Texas continues to attract pioneers, albeit an entirely new breed. But they still fit the definition. In the mid-70s a small but determined group of pioneers began to plant vineyards and establish wineries. They came from all over, many giving up lucrative careers in entirely unrelated fields. Many of the early wine pioneers gave up ranching on Texas lands passed down through generations of their ancestors to plant grapes. Today, the Texas wine industry is one of our biggest agricultural industries, employing thousands and producing revenue beyond the dreams of any of those early winemakers, and boasting over 200 wineries.

    Fast forward to 2000 when the newest pioneer endeavor was born in Texas. Veteran photographer Robb Kendrick and his wife, Jeannie Ralston, established Hill Country Lavender on their 200 acre farm outside of Blanco, in the heart of the Texas Hill Country. In her fascinating book, The Unlikely Lavender Queen, Jeannie Ralston unfolds the story of her journey from New York, where she had established herself as a successful journalist, having attained an Associate Editor position at McCall's Magazine by the age of twenty-two. She met Robb Kendrick on an assignment for Life magazine in Fort Worth and began the journey that would bring her to Texas and eventually to the rock-strewn acreage and an old stone barn that would become her home. Jeannie Ralston become a pioneer in every sense of the word.

    This book is bound to have widespread appeal. First, it's the story of a woman who falls in love with an adventurer and realizes early on that her life with him will be a series of shared adventures, into which she was often dragged kicking and screaming, compromises, and drastically altered paradigms. Women will universally relate. Finding herself seven months pregnant and left to turn the barn, formerly inhabited by rattlesnakes and hay bales, into a home while Robb traveled the world on photographic assignments, Jeannie juggles trying to maintain her life as a writer, construction foreman, executioner of scorpions, and mother-to-be - all while adjusting to life in a rural small Texas town which was the antithesis of her urban, liberal background.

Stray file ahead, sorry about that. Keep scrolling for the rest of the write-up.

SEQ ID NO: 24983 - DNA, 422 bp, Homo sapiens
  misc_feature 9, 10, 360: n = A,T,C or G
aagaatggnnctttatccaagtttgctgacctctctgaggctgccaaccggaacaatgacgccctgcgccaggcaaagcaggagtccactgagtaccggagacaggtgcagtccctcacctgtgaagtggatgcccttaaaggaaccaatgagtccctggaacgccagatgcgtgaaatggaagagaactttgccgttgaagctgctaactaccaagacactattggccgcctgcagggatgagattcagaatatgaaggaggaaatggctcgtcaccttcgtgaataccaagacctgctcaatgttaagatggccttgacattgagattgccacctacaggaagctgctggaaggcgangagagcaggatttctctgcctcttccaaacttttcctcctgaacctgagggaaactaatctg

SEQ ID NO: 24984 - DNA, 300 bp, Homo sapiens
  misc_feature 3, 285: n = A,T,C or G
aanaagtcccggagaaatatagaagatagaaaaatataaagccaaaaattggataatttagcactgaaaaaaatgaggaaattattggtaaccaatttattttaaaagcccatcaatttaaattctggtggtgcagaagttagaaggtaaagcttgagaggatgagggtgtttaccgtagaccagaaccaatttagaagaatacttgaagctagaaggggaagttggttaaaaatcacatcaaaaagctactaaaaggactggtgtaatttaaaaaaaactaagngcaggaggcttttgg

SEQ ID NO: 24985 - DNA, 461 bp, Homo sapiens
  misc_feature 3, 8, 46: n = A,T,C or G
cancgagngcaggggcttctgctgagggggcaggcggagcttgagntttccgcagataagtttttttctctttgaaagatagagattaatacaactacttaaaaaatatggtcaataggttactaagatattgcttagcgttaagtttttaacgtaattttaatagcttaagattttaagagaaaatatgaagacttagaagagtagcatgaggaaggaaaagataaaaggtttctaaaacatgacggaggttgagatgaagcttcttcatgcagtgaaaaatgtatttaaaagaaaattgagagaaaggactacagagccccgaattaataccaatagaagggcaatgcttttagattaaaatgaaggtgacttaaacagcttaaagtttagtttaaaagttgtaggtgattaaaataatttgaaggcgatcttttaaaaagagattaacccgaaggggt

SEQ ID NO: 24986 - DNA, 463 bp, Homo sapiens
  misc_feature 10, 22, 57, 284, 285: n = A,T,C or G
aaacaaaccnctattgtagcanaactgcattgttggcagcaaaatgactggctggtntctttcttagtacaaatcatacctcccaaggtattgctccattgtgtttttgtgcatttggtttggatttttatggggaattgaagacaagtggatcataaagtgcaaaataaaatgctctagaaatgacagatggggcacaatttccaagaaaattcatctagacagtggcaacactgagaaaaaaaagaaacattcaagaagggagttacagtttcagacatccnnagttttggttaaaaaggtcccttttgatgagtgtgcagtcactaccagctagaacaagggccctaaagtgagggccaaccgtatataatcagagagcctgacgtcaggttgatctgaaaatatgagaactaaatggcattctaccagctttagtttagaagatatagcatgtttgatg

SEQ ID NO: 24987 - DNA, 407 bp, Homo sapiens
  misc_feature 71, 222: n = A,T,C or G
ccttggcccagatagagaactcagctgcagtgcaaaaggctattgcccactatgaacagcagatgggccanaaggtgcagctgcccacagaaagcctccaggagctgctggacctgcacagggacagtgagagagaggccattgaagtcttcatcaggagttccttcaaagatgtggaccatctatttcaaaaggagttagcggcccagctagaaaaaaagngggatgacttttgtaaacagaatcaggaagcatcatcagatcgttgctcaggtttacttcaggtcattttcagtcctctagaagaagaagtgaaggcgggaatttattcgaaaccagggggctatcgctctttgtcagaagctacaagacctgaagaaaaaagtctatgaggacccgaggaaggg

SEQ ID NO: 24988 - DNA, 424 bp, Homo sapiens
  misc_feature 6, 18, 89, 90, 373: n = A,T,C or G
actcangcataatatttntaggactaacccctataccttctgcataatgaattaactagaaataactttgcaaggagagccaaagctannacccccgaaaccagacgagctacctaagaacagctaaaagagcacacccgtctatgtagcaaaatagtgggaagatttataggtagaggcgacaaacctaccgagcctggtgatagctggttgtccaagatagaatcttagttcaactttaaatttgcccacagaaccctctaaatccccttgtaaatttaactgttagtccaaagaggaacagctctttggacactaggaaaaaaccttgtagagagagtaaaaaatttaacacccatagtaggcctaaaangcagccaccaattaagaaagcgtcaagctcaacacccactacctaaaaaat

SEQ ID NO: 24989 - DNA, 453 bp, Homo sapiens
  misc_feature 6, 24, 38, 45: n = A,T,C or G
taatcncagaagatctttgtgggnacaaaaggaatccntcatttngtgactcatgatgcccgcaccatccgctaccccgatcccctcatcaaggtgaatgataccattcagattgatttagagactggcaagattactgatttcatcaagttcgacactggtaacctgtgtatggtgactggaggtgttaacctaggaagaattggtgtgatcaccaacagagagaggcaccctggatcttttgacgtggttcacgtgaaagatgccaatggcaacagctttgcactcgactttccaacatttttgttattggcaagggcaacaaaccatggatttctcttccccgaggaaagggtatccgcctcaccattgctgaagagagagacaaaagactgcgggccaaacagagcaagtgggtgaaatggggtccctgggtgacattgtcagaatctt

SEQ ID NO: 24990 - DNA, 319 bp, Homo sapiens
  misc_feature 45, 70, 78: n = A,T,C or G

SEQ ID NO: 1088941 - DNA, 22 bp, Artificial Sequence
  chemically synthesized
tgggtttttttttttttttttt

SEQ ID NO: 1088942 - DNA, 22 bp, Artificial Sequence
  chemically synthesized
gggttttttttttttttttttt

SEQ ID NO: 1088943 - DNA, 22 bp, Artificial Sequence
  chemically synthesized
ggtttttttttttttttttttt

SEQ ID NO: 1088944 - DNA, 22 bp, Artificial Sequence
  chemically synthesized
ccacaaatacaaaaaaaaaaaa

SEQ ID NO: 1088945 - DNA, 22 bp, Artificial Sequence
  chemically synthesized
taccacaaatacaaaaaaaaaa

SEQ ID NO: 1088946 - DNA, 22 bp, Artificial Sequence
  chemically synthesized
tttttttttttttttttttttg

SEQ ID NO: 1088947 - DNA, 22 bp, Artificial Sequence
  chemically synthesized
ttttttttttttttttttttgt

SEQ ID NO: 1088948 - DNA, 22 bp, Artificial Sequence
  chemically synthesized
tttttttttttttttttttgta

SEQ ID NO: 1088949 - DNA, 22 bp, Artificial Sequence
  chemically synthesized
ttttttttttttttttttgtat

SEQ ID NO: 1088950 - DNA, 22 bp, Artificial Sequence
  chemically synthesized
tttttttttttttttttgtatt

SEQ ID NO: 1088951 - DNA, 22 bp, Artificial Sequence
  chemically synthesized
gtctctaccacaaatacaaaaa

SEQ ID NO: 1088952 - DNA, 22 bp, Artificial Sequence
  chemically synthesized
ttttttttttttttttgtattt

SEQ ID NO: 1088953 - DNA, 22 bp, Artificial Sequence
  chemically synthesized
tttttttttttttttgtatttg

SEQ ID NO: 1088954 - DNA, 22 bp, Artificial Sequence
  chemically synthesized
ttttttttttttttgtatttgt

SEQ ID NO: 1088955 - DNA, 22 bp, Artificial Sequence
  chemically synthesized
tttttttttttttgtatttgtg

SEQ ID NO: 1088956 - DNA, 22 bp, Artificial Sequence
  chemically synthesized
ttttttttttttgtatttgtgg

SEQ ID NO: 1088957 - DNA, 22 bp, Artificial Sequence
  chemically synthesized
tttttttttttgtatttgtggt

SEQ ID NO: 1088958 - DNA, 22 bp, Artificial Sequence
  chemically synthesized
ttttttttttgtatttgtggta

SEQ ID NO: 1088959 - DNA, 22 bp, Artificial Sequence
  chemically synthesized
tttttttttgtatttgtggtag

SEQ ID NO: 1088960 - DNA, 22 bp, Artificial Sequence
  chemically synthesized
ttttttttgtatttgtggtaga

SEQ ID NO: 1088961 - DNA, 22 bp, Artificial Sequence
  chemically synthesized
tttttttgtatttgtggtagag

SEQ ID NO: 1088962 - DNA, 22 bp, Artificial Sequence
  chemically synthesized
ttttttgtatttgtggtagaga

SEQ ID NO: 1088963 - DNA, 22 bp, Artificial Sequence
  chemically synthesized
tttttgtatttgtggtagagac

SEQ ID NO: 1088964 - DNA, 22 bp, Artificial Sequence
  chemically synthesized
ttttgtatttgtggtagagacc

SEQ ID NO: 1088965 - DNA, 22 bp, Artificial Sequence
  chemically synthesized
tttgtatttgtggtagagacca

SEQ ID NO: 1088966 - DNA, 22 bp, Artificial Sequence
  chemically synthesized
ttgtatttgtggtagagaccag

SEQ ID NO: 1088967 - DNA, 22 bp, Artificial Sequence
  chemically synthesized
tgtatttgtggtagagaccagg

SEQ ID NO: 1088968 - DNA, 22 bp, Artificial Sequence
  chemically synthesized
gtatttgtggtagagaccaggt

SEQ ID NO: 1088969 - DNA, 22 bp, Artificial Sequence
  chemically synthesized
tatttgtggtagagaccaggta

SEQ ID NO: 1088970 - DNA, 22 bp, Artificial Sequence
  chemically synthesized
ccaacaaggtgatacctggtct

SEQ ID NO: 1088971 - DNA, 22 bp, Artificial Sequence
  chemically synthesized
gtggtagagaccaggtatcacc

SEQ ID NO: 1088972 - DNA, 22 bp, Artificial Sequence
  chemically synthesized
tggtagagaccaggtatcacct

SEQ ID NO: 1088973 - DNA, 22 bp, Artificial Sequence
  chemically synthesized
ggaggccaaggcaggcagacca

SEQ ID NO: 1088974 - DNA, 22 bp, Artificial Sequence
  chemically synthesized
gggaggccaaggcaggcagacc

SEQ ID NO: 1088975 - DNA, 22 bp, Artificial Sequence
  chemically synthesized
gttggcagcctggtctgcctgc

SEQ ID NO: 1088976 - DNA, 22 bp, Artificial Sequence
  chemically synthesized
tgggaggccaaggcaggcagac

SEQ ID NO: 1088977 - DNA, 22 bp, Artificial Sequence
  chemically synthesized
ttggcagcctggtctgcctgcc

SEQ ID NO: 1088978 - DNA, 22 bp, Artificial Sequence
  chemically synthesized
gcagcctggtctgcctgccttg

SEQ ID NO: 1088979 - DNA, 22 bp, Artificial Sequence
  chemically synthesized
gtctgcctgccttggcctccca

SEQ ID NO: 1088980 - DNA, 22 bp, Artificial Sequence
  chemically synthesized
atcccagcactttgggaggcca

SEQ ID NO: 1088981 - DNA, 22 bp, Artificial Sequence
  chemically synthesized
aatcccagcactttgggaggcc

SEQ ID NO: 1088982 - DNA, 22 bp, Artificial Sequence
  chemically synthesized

It was on one of his assignments to photograph the lavender industry in France that Robb formulated his newest adventure - the very lavender he was photographing. He noticed the same similarities of soil and climate conditions in Provence and the Texas Hill Country that the winemakers had discovered thirty years earlier. After researching varietals and consulting with French lavender growers, Robb planted a first experimental crop on their Hill Country farm which was successful. He then planted 10,000 lavender plants. For the first harvest in 2002, Robb was, again, off on assignment, leaving Jeannie, now the mother of two toddlers, to bring in the harvest. The book begins with a reflective Prologue beginning at the dawn of that harvest, and Jeannie's first delivery of lavender bouquets to Central Market in Austin. It was the beginning of yet another new adventure and re- re-invention of herself.

    Secondly, the book will appeal to Hill Country residents - both new and long term - as a familiar chronicle of the evolution of the Hill Country into the number one tourist destination in America, fueled in great part by Jeannie Ralston's role in firmly establishing the Hill Country as a fabulous base of what is being referred to as "Agri-Tourism", bringing millions of tourists and billions of dollars to the Hill Country. By 2006, when the Kendricks sold Hill Country Lavender and moved to San Miguel de Allende, Mexico, they had spawned an industry that covered seven Hill Country counties and established Blanco, Texas, as the center of the rapidly growing lavender industry in Texas, earning it the designation, although unofficial, as The Lavender Capital of Texas.

    Read this book. It's a truly out-of-the-ordinary story of a woman's evolution to a meaningful life through a process of learning, growing, and learning to let go. I couldn't put it down. Bravo, Jeannie - and the Hill Country misses its Lavender Queen.